The federal reserve has yesterday issued this study on Consumers and Mobile Financial Services. And it shows that mobiles are a game-changer, due to their ubiquity. The people that have bank account don't use the mobile that much, but those without a bank account (the unbanked) make quite some use of it. So it turns out that in the US you can see a double usage pattern: on the one hand the signs of a developed market, moving slowly. And on the other hand the pattern that we know from countries in Africa, with heavier usage of mobile phones as the main banking/payment infrastructure.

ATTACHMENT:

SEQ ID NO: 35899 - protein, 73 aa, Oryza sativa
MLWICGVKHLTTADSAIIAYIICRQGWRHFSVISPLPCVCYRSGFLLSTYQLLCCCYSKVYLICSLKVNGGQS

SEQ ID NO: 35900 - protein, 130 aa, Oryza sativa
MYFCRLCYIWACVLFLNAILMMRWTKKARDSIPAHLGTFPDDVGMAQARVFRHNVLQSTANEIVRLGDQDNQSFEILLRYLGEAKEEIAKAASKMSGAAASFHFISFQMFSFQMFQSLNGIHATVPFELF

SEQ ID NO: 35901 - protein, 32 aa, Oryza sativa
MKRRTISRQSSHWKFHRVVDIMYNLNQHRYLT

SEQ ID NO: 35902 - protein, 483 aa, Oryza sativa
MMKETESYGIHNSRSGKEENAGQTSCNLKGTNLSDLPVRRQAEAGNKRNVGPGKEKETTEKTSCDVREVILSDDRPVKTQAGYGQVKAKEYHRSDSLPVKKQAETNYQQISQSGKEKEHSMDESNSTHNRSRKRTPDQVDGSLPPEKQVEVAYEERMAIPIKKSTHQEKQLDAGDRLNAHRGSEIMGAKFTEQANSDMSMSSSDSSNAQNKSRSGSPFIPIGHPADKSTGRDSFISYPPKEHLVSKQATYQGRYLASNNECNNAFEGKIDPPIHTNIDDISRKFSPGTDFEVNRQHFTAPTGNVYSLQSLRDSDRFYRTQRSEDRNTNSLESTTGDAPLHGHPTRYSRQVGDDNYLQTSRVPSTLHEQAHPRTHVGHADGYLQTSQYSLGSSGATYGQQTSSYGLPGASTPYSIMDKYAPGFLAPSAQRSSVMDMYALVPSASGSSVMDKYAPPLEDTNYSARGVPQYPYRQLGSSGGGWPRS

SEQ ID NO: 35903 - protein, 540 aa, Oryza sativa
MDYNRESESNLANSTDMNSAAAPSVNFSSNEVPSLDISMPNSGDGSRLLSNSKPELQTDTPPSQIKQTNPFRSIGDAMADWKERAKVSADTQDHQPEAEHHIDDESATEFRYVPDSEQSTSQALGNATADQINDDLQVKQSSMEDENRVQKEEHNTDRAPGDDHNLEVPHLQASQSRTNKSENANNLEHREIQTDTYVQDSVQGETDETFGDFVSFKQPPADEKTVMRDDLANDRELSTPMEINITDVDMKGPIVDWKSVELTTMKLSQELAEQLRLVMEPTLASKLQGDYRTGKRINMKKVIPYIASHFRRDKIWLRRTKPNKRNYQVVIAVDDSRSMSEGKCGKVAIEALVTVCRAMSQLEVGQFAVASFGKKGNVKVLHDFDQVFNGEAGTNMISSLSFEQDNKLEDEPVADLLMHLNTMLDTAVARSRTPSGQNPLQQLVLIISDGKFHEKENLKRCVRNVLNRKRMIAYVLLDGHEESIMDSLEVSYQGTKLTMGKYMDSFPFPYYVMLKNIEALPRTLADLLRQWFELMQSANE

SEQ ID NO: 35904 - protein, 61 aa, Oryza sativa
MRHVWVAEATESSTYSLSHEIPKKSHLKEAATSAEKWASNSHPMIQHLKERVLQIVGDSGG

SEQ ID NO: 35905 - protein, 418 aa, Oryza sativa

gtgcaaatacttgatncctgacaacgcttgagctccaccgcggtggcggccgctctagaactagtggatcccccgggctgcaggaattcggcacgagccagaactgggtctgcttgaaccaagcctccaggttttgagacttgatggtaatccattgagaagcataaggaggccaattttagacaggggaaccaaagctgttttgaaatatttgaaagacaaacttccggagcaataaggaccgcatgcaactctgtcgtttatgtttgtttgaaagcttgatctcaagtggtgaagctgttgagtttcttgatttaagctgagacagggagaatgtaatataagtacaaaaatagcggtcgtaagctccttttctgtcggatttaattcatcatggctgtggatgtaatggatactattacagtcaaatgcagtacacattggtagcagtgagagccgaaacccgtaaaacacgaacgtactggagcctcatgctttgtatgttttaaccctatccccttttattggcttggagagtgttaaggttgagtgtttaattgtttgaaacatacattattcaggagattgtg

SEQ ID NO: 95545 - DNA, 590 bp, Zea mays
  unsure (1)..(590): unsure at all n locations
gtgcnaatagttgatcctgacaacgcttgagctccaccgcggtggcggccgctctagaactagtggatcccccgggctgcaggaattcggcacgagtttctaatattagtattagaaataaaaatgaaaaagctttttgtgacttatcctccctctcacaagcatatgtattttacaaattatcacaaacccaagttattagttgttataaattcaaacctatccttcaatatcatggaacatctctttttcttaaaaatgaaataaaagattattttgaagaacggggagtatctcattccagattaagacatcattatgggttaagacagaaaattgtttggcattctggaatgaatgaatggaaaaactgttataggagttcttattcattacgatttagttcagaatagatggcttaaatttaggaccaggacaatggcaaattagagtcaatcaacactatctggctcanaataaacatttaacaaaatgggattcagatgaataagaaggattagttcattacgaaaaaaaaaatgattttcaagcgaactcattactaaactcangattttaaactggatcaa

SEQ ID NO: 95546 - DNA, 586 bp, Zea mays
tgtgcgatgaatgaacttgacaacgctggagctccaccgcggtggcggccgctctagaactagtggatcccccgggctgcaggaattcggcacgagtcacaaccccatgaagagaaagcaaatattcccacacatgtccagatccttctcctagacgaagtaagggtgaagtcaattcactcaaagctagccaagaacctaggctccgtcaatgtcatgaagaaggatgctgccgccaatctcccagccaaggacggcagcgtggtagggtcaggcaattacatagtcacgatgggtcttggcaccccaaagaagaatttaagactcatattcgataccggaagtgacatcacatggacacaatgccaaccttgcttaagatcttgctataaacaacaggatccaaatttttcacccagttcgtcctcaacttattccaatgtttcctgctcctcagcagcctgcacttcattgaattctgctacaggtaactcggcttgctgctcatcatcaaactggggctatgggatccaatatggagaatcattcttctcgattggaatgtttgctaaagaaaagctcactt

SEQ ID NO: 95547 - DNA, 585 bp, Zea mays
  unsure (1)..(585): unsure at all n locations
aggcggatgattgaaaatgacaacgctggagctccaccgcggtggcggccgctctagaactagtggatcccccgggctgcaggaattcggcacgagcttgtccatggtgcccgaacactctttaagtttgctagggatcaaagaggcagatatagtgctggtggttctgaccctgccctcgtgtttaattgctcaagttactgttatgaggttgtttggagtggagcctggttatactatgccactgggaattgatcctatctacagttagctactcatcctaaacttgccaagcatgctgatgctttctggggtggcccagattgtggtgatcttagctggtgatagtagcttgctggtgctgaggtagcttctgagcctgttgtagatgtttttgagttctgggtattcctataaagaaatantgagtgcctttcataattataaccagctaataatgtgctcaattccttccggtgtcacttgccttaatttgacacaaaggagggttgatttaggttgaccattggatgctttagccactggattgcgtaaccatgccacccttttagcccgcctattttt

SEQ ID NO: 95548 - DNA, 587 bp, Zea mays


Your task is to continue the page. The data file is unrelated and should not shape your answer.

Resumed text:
Of course there's much to read in the study but it's interesting to note the banking paradigm that the Fed uses in the study. It sees the mobile phones for unbanked as a possible first step towards a sort of 'true banking', for those customers. That could be a possibility of course. But I think we may wan't to revisit this approach: couldn't we also see the mobile phones as the new digital shape of the former cashiers? And couldn't the cashiers just be the cashiers of any shop as well?
Well, that's my penny's worth of thought this morning and I'll be happy to elaborate a bit more on it at the 15th (!) Digital Money Forum in two weeks time.